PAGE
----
The number of law enforcement officers killed in the line of duty dropped sharply in 2017, marking the second-lowest toll in more than 50 years, says USA Today. As of Thursday, 128 officers have died in the line of duty this year, with 44 shot and killed. That’s down 10 percent from 2016, when 143 officers died, with 66 gunned down, according to data released by the National Law Enforcement Officers Memorial Fund. The only other year with fewer deaths in the past five decades was 2013, when 116 officers were killed.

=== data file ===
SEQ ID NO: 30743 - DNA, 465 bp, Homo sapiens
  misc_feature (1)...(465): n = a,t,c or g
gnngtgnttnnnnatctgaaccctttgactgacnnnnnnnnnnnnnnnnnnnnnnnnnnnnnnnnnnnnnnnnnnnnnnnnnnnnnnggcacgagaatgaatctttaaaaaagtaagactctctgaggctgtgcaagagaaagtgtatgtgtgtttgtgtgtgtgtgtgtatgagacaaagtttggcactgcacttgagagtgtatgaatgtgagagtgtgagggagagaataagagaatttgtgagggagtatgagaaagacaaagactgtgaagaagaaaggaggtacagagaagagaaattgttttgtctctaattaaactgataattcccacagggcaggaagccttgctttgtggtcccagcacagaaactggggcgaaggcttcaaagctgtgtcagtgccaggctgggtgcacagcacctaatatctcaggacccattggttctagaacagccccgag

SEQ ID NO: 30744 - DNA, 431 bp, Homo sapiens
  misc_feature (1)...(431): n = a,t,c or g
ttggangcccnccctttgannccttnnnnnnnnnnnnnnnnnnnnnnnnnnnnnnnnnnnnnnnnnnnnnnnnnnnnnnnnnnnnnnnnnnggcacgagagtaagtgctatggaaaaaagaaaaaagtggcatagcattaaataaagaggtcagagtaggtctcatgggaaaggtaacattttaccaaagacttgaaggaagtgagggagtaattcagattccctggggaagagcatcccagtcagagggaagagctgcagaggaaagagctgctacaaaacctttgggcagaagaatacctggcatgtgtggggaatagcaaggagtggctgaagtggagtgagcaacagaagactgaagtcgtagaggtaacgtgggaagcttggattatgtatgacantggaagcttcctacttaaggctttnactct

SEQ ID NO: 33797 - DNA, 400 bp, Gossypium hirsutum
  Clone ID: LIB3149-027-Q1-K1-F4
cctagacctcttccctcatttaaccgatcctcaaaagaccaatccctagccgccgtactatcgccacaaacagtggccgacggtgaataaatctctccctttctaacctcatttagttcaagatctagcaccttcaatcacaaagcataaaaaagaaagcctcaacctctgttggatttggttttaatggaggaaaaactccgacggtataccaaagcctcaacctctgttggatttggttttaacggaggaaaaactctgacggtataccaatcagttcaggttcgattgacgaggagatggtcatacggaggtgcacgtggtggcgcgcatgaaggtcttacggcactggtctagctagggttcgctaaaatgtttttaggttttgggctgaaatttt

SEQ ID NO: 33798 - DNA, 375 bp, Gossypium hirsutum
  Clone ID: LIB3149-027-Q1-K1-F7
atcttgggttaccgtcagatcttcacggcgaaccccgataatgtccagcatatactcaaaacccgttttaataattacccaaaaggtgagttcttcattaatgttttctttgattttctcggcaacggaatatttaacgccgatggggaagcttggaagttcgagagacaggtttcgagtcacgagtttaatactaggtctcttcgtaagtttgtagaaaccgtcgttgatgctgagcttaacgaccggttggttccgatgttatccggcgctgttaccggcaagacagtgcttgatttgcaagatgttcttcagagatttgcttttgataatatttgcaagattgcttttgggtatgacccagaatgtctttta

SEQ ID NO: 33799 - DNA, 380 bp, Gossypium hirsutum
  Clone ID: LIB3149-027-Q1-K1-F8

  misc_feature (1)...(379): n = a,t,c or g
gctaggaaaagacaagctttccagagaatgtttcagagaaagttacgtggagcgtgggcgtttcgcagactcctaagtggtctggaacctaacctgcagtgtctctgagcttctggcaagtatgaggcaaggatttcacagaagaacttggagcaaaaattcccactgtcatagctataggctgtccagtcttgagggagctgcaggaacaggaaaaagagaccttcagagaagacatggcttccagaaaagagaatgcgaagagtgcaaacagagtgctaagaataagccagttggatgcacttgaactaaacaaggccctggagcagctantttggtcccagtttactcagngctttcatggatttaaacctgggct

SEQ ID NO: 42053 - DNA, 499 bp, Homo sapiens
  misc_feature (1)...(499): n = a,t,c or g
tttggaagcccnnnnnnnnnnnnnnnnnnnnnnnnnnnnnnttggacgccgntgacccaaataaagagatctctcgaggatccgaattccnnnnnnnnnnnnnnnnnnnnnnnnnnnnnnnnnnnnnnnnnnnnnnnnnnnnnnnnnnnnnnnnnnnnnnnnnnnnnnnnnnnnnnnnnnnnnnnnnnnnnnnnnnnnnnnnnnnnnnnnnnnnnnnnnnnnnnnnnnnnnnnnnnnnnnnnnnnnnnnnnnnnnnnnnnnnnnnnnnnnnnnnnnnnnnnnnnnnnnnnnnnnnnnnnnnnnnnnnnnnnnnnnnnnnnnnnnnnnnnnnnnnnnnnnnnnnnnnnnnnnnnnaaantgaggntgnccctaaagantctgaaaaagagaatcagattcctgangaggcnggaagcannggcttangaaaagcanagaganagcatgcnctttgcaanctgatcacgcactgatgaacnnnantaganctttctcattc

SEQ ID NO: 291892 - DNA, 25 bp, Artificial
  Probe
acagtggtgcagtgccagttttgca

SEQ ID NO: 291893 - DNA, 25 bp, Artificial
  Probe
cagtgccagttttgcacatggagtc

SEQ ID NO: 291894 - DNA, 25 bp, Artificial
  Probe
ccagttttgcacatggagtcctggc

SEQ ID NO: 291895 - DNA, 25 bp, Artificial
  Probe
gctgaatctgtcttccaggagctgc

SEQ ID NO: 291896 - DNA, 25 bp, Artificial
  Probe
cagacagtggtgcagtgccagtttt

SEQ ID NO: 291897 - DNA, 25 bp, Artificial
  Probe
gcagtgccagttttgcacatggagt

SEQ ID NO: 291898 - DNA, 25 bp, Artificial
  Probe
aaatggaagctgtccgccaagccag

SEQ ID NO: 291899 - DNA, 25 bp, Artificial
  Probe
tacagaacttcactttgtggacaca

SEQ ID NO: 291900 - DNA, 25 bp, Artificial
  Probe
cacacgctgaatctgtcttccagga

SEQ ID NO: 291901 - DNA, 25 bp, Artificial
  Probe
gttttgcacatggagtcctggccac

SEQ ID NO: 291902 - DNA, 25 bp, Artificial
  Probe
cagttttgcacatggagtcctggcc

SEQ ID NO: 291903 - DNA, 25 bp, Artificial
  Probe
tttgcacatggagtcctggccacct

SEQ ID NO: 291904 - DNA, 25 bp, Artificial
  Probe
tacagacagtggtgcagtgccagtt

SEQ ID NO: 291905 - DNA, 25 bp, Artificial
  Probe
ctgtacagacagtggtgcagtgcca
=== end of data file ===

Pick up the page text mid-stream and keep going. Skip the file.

Reasons for the drop could range from advanced safety gear such as bulletproof vests, better training, better relationships and reduced violence in communities — or just 2017 being an outlier, experts say. “It’s definitely a good sign but if it’s a trend, we’ll have to see,” said Geoffrey P. Alpert, a professor at the University of South Carolina and a researcher on high-risk police activities. “We’re starting to see the impact of all this new training and equipment, and a shift because of the overall concern for officer safety.” While shootings played a big role, traffic accidents caused the largest number of deaths. Crashes killed 47 officers this year, down 15 percent from 2016. A number of factors — including enhanced policies that limit vehicle pursuits and speeding and the “move-over law,” which requires drivers to slow down and switch lanes when an officer is pulled over — could be behind the drop, experts say. Texas, as in previous years, tallied the highest number of law enforcement officers killed on the job with 14 deaths, followed by Florida and New York, both with nine deaths. Eight officers were killed in ambush-style attacks in 2017, a decrease from 21 such in 2016. The largest number of fatal shootings this year were related to domestic disturbances.